Mortality by age group as of May 8, 2003 is below 1% for people aged 24 or younger, 6% for those 25 to 44, 15% in those 45 to 64 and more than 50% for those over 65. http://www.who.int/csr/sarsarchive/2003_05_07a/en/
The prognosis of patients with SARS varies. There have been deaths from SARS but there also have been many recoveries. About 85% of patients can be expected to recover well. However, a worryingly fraction of the total number of patients (more than 20%) end up requiring ICU (intensive care unit) monitoring. Of those admitted to the ICU, more than half recover.
Many current patients would not have survived without supplemental oxygen and ventilatory support in ICU. If the disease becomes much more widespread to the extent that all the ICU beds are filled, the mortality rate would increase.
One popular misconception is that only the elderly and those with many other medical problems will succumb to SARS. While it is true that the aforementioned groups will tend to suffer more when infected with SARS, there is a group of otherwise healthy young adults with no previous medical history who seem, for reasons unexplained so far, to be more susceptible to SARS. So far there is no obvious way to tell in advance just by looking at someone, taking a good history and examining them whether or not they will end up requiring ICU care or not. There are clues, of course, but these arise as part of the patient's clinical progress and in the interpretation of his/her investigation results.
How to handle a potential SARS case
Anyone with the symptoms including fever of 38 degrees C AND who has either come from a SARS affected area or has been in contact with someone known to or suspected to have SARS should be handled as a suspect case of SARS until proven otherwise.
Full contact precautions including respirator masks should be used with these patients. The patient should also be immediately referred to a suitable tertiary hospital or the designated hospital for SARS (as the case in Singapore).
Epidemiological tracing of patient contacts has revealed that a subset of SARS patients become "super infectors" or "super spreaders". For reasons yet unknown, these people are far more infectious than others, spreading the infection to far more people than other patients. Amongst Singapore's SARS index cases, only one was a super infector. Most of Singapore's current (as of 24th April 2003) 189 SARS cases can be traced to her.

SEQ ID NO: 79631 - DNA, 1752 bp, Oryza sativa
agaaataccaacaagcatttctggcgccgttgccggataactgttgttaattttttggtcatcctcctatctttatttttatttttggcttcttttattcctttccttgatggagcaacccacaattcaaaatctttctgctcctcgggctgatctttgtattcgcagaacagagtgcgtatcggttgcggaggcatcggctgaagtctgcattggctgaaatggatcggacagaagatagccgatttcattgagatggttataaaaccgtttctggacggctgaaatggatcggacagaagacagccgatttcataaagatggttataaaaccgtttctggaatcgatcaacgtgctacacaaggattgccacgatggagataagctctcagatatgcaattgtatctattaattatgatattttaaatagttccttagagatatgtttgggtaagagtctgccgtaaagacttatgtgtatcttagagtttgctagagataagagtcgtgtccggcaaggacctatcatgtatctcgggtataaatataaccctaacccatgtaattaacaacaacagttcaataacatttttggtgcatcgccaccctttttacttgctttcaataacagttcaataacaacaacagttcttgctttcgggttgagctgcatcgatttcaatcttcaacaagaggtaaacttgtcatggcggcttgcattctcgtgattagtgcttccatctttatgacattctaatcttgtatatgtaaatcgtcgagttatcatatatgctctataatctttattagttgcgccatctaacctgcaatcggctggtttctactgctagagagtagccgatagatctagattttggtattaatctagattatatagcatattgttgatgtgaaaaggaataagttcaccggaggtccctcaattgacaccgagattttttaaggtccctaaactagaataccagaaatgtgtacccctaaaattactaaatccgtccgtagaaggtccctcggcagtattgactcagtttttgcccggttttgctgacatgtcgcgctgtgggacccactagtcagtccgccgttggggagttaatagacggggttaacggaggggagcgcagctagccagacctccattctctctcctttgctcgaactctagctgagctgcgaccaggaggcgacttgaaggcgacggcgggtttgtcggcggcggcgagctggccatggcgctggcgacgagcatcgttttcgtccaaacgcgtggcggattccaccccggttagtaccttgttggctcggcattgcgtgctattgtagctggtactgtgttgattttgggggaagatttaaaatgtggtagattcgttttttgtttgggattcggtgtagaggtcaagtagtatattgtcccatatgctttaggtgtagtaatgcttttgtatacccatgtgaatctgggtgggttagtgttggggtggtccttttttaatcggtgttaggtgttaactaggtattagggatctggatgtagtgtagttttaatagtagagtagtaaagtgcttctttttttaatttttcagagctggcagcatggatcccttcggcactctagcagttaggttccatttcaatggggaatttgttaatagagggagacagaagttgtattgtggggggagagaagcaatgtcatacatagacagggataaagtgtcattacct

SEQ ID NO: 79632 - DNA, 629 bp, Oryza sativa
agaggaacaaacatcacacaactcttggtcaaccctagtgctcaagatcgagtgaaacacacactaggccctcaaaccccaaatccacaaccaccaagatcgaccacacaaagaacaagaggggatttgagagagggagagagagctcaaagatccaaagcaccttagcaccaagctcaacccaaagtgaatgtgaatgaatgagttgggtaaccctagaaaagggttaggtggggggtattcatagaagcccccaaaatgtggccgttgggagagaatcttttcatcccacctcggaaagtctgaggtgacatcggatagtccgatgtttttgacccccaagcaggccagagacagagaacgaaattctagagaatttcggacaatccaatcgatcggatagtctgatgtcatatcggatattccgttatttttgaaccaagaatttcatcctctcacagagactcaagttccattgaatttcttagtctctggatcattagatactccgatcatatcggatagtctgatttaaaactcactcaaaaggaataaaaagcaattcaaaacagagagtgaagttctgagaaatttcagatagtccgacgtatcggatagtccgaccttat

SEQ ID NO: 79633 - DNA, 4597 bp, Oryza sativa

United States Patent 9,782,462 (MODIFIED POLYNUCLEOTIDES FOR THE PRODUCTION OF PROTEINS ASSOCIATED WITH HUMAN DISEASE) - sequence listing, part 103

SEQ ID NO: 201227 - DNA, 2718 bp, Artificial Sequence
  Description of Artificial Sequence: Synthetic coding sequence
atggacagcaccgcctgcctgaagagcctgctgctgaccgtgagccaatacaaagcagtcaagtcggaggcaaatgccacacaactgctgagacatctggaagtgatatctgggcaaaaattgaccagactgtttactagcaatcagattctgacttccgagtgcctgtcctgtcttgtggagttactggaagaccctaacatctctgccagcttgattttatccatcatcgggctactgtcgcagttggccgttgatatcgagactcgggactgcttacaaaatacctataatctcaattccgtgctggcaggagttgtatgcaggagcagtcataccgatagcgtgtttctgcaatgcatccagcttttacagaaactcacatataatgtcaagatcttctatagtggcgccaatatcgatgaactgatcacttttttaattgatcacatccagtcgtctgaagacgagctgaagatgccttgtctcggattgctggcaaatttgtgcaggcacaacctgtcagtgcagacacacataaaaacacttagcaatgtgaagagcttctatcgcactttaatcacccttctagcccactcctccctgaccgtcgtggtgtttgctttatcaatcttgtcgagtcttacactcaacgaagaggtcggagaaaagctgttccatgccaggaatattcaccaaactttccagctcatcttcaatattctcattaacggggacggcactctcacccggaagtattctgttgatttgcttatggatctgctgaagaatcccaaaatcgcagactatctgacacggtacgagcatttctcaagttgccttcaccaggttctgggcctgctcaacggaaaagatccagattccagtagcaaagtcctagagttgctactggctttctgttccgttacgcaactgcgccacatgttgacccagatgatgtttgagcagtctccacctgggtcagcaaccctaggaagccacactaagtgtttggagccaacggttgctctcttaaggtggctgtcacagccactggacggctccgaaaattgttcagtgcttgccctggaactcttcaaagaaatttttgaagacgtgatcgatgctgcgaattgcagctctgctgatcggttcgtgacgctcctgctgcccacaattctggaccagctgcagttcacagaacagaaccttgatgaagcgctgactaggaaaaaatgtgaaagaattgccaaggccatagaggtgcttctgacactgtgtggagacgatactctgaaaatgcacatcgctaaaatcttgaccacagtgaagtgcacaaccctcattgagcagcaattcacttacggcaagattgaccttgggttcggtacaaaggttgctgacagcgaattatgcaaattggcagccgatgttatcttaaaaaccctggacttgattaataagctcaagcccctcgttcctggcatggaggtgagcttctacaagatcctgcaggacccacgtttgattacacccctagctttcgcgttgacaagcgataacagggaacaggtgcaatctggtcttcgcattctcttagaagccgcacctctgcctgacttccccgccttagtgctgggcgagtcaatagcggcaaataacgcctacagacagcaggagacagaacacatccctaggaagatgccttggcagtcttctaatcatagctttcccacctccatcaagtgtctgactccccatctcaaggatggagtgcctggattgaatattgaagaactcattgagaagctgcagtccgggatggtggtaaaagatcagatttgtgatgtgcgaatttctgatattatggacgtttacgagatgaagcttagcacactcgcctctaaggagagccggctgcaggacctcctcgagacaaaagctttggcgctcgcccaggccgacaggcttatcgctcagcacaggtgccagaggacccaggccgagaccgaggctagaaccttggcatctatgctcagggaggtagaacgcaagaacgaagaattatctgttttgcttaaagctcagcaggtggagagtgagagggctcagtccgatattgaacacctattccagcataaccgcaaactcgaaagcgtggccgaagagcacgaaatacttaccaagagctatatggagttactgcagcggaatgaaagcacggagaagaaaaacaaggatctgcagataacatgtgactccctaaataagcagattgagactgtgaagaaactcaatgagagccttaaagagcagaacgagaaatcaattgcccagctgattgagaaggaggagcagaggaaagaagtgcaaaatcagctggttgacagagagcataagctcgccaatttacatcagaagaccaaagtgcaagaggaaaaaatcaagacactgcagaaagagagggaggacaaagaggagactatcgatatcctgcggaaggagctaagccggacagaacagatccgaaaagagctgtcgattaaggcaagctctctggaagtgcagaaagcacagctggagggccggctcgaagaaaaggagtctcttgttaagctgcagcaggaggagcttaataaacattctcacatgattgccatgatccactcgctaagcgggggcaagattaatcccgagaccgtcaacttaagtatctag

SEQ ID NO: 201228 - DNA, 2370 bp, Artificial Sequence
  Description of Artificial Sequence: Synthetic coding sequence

A good story on the spread of SARS from person to person as told by this report by a Singapore epidemiologist. http://www.cdc.gov/mmwr/preview/mmwrhtml/mm5218a1.htm
From the frontlines in Singapore
SARS has turned out to be quite a worrying disease, not just because of its infectiveness and severity but primarily because it seems to have a predilection for healthcare workers. Here in Singapore, there were three index cases who were travellers returning from Hong Kong's Metropole Hotel.
As a result of the large number of healthcare workers affected, the Ministry of Health in Singapore has taken the so far unprecedented steps of closing down Tan Tock Seng Hospital and invoking the Infectious Diseases Act to impose home quarantine on all close contacts of current SARS patients and suspected SARS cases. Secondary to this, all other hospitals in Singapore have also cancelled all elective surgery and have cancelled all leave for staff - to take on the added burden of patients who would otherwise have been treated at Tan Tock Seng.